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2.6 Non-Invasive Estimation of Exercise Central Blood Pressure by Radial Tonometry May be Underestimated Due to Brachial-To-Radial-Systolic-Blood-Pressure-Amplification and is Related to Upper Limb Blood Flow Velocity

Abstract

Objectives

Both central blood pressure (BP) and light-moderate exercise BP are independently associated with cardiovascular risk, and measuring central BP during exercise may have clinical relevance. Brachial-to-radial-systolic-blood-pressure-amplification (B-R-SBPAMP) could influence the accuracy of central SBP estimation by radial tonometry during exercise. This study aimed to determine the influence of light-moderate exercise on B-R-SBPAMP and consequent central SBP estimation. Independent correlates of B-R-SBPAMP were also explored.

Methods

Sixty healthy participants (39±16 years, 50% male) underwent testing during light-moderate intensity (40W, 50RPM) semi-recumbent cycling. SBP was identified by brachial and radial ultrasound (1st Doppler flow inflection = 1st Korotkoff sound during cuff deflation). Haemodynamics were recorded by ultrasound and tonometry. Bra-Rad-SBPAmp was defined as radial minus brachial SBP.

Result

Exercise radial SBP was significantly higher than brachial SBP (144±21 versus 134±17 mmHg; p<0.001). Exercise Bra-Rad-SBPAmp was 10±11 mmHg and increased with advancing age (r = 0.360, p = 0.005). Exercise central SBP was significantly higher when radial tonometry was calibrated with radial SBP (accounting for Bra-Rad-SBPAmp) versus brachial SBP (117±16 versus 110±13 mmHg, p<0.001). Low brachial peak flow velocity relative to radial velocity was negatively associated with exercise B-R-SBPAmp (r = -0.439, p = 0.001), independent of age, sex, heart rate and mean arterial pressure (β = -0.389, adjusted R2 = 0.273, p = 0.003).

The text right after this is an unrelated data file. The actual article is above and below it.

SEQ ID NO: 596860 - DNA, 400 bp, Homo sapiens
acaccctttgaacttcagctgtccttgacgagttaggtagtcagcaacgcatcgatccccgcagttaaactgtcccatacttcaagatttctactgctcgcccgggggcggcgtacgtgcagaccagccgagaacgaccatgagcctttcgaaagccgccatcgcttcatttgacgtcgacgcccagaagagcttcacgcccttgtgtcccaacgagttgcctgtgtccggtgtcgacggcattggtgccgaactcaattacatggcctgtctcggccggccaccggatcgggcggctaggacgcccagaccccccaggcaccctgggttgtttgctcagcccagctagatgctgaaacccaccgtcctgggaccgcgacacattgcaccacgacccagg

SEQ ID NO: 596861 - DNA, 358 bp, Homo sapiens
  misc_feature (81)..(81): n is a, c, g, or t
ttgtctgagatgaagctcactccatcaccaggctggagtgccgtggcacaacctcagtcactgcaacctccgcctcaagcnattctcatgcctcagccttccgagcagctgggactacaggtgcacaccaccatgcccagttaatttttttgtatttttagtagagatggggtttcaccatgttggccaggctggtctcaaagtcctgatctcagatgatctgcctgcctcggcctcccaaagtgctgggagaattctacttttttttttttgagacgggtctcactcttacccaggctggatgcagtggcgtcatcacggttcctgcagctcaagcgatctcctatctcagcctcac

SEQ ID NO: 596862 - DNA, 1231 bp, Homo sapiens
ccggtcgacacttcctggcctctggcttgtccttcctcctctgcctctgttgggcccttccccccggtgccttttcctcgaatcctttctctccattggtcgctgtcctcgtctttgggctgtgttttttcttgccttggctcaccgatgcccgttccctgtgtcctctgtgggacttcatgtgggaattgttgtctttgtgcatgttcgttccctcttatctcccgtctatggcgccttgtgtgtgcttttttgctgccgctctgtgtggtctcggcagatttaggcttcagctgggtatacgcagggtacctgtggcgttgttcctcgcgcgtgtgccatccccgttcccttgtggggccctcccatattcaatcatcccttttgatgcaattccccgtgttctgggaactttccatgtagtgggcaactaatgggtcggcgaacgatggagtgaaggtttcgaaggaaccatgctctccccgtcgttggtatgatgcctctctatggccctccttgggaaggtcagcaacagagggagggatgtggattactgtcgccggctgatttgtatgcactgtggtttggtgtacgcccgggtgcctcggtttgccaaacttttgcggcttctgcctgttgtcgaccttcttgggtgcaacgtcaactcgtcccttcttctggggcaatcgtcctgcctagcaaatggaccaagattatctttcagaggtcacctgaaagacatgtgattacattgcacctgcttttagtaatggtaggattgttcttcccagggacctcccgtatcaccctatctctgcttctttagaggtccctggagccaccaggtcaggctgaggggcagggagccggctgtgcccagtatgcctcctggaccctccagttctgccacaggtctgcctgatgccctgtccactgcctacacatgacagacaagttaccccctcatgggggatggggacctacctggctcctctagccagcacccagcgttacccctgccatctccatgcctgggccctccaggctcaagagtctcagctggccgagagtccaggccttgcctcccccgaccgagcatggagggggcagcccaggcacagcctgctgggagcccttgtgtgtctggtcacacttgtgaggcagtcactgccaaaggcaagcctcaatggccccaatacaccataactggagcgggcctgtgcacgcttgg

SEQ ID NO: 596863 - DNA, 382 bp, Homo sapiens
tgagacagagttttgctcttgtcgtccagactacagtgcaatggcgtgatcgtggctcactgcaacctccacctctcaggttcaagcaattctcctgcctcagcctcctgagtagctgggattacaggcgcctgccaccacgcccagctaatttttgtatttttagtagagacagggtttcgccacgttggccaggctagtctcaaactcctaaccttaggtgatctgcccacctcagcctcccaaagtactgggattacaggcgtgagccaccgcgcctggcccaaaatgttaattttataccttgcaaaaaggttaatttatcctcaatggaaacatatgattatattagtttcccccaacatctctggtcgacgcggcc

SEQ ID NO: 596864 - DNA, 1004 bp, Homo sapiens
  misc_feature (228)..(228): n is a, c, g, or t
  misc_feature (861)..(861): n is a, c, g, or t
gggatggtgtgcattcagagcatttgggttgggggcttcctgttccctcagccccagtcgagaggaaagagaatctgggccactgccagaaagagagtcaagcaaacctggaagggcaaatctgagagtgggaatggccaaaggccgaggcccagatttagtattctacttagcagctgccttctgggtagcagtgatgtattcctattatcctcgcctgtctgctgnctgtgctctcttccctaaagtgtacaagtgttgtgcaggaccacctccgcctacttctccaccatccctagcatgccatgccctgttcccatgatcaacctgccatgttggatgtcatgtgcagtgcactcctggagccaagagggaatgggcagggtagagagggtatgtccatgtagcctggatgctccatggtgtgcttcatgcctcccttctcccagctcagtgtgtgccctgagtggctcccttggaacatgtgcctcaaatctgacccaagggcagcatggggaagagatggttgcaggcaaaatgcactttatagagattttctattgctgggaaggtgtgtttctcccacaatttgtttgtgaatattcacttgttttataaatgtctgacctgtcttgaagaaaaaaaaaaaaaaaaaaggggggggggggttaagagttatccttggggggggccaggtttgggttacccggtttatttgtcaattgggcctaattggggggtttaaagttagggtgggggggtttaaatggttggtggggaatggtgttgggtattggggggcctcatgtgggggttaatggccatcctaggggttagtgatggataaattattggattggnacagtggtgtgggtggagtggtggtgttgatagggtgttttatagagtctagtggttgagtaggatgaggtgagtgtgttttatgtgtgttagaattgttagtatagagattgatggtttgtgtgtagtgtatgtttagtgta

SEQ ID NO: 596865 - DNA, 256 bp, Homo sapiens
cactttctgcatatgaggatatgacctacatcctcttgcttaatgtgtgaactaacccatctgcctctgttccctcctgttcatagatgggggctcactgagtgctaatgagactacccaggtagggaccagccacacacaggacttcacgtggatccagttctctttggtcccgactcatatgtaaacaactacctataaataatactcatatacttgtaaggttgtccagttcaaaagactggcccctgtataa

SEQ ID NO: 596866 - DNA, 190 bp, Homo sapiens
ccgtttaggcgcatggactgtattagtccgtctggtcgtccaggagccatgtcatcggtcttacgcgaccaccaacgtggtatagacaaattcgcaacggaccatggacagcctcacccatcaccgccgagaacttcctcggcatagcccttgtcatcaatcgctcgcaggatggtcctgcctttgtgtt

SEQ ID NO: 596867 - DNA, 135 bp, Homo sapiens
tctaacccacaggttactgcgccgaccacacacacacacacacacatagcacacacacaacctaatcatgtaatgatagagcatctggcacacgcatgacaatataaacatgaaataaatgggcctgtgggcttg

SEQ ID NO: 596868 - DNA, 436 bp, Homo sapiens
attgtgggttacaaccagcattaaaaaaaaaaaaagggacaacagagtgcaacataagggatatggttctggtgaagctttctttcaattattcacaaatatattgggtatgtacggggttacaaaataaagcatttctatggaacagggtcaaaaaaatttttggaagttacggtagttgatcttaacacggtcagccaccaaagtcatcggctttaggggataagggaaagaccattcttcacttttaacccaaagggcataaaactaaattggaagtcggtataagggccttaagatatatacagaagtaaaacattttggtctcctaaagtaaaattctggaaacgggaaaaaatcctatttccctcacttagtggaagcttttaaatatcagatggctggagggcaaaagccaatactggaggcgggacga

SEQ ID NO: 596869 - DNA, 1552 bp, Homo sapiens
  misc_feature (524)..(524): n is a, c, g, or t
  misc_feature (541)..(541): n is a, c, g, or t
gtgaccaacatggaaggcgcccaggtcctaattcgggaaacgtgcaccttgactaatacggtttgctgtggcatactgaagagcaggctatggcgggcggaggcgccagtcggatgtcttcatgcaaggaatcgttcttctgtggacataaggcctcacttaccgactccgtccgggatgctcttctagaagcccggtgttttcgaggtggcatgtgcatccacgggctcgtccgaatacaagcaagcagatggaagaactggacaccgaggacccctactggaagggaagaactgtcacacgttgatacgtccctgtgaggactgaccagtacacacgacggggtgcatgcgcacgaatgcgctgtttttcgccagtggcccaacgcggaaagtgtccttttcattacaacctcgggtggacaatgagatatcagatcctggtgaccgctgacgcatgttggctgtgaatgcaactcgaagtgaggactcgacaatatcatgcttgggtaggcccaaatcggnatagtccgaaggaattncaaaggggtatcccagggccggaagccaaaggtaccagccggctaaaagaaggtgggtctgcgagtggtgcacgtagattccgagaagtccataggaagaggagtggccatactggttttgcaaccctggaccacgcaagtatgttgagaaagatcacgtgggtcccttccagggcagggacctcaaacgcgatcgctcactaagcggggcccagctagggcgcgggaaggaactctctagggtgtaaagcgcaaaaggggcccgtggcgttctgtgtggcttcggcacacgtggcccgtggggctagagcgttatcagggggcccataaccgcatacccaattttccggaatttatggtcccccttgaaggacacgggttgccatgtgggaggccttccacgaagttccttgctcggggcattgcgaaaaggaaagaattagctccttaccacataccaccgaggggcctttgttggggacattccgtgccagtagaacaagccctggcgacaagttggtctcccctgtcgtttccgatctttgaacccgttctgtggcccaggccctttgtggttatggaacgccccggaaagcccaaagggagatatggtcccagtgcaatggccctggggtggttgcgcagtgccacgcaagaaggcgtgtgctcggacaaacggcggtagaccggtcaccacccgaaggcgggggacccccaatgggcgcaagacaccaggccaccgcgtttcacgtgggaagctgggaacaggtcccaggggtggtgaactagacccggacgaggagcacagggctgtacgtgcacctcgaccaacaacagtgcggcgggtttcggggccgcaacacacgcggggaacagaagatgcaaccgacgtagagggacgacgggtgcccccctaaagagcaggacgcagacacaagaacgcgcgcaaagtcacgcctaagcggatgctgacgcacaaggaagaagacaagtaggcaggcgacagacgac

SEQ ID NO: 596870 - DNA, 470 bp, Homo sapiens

Conclusions

Significant Bra-Rad-SBPAmp exists during light-moderate exercise. This will result in underestimation of central SBP unless Bra-Rad-SBPAmp is considered and is influenced by variation in peak blood flow velocity magnitude between the brachial and radial arteries.

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This is an open access article distributed under the CC BY-NC license http://creativecommons.org/licenses/by/4.0/.

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Picone, D., Climie, R., Keske, M. et al. 2.6 Non-Invasive Estimation of Exercise Central Blood Pressure by Radial Tonometry May be Underestimated Due to Brachial-To-Radial-Systolic-Blood-Pressure-Amplification and is Related to Upper Limb Blood Flow Velocity. Artery Res 8, 124–125 (2014). https://doi.org/10.1016/j.artres.2014.09.062

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  • DOI: https://doi.org/10.1016/j.artres.2014.09.062